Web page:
You say it in the class, you say it outside of the gym, you says it as a sign of recognition, but do you actually know what “OSS” means? Well we’re about to drop some knowledge on you.
The term “OSS!” or “OSU!” in Brazilian Jiu-Jitsu isn’t exactly exclusive to the art. It is a term that is used quite a lot throughout the world of martial arts. The term actually comes from the traditional Japanese Okinawan Karate and is actually an abbreviation for Onegai Shimasu and directly translates into a request, a solicitation or an invitation.
The second definition of “OSS”, also known as “ossu”, means Oshi Shinobu, which conveys the idea of “persevering when pushed”. In other words, never give up, have determination, grit and withstand the most arduous of training.
In other sources “OSS” can be defined as manifestation of “Ki” energy, in karate instead of the phrase “OSS”, fighters will shout “KIAI”, meaning Strength, this is also an indication that someone is ready to fight. In the book “Go rin no sho” (), the Samurai would use three types of shouts: One before, One During and One After fighting to celebrate victory or accept defeat.
Just like Jiu-Jitsu the term “OSU” has several uses and it’s important to understand when to use the phrase. It can be used as an acknowledgement of an instructor, a term of endearment to another training partner when they pull off some good moves at a tournament, among a number of things. In BJJ “OSS” was borrowed from other martial arts by Grand Master Carlson Gracie and it was introduced as a sign of respect.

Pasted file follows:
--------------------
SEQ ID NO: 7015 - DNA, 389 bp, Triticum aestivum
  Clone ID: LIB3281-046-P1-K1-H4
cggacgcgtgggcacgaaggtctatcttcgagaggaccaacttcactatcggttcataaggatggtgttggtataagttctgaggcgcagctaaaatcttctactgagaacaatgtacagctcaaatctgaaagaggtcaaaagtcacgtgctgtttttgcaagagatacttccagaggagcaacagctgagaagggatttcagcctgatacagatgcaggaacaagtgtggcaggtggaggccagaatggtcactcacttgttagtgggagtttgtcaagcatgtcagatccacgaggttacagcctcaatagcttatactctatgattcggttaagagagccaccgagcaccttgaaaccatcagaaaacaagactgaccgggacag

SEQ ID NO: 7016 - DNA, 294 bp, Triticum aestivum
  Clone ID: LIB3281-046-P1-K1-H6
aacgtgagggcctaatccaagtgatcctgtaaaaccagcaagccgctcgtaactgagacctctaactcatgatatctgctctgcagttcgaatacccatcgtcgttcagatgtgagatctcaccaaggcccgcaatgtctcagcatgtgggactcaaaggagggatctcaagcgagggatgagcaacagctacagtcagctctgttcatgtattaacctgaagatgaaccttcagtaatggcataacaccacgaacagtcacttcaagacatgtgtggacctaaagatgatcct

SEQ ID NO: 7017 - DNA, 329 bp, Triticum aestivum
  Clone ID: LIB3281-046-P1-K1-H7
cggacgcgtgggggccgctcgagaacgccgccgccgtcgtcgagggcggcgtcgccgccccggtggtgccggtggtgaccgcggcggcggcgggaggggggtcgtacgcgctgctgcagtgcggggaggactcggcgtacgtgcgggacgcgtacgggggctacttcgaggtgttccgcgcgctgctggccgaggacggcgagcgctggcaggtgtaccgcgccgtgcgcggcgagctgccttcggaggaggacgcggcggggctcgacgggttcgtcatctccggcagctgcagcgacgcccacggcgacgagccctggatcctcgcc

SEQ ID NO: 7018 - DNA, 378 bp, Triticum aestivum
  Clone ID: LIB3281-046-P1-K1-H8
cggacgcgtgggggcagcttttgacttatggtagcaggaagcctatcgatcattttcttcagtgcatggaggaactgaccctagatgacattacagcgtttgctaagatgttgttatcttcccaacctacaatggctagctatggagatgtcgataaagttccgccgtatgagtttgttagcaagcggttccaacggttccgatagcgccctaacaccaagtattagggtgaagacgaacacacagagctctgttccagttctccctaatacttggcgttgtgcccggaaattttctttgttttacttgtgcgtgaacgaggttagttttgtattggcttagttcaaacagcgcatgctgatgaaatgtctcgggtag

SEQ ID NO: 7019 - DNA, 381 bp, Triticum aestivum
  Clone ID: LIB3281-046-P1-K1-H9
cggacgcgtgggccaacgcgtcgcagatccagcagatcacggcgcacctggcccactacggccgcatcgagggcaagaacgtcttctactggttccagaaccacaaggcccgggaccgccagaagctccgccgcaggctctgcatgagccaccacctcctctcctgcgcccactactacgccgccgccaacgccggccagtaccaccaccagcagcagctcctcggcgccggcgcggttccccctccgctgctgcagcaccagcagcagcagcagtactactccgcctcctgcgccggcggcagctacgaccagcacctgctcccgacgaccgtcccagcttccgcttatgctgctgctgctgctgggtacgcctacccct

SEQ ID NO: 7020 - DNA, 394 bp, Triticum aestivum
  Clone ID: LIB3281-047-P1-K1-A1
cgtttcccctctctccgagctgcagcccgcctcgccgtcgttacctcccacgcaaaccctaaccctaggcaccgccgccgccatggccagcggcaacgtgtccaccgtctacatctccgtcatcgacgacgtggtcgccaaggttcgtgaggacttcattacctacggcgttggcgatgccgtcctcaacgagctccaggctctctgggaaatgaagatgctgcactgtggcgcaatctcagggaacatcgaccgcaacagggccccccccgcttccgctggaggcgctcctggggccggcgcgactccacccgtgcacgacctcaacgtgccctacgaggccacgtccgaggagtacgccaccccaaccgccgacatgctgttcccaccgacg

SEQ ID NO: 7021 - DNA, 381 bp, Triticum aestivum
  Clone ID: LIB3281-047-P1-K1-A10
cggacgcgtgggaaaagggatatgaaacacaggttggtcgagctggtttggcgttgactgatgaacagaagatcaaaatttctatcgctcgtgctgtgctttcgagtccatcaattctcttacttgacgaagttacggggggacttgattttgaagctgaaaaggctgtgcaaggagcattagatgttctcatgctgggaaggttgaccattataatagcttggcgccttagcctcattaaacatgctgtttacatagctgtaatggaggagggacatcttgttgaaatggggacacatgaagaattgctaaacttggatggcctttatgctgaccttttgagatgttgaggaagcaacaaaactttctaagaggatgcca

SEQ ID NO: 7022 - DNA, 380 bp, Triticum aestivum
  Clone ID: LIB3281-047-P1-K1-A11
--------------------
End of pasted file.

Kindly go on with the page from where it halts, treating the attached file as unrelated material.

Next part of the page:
So What Does “OSS” Mean?
These are just a few of the ways you can use the phrase “OSS” or “OSU”:
Many gyms use “OSS!” as a greeting form. In many traditional martial arts Dojos the class will bow to the instructor while saying “OSU!” at the start and end of a lesson
Saying “OSS” after a professor has demonstrated a technique is also common practice in many gyms. The term is regularly used as a slang way of saying “I Understand”, “Understood”, or “Yes”.
Like the bowing to the instructor, “OSS” is also said when bowing onto a mat at a tournament and at the start of a match. You can also use it as a response to the referee when he asks if you are ready.
“OSS!” the crowd shouts after Braulio Estima hits a helicopter armbar. The term can also be used as a sign of respect and acknowledgement of a fighter’s skills on the mats, similar to how skateboarders hit their decks on the coping when a fancy trick is pulled off.
“OSS” can be used while you’re drilling technique as a way to keep your skills sharp through routine and drilling. The phrase is said after each technique is performed.
When should you not say “OSS”?
When you’re saying in a BJJ gym as a sign of respect, this is infact the opposite in Japan. You should never say this to a Japanese person unless:
- He is younger than you
- Lower in rank
- Or they want you to say it
The term OSU is actually a mark of strong assertiveness, and masculinity in Japan and could find yourself in hot water if you say the wrong thing to the wrong person.
Photo Credit: John Sherwood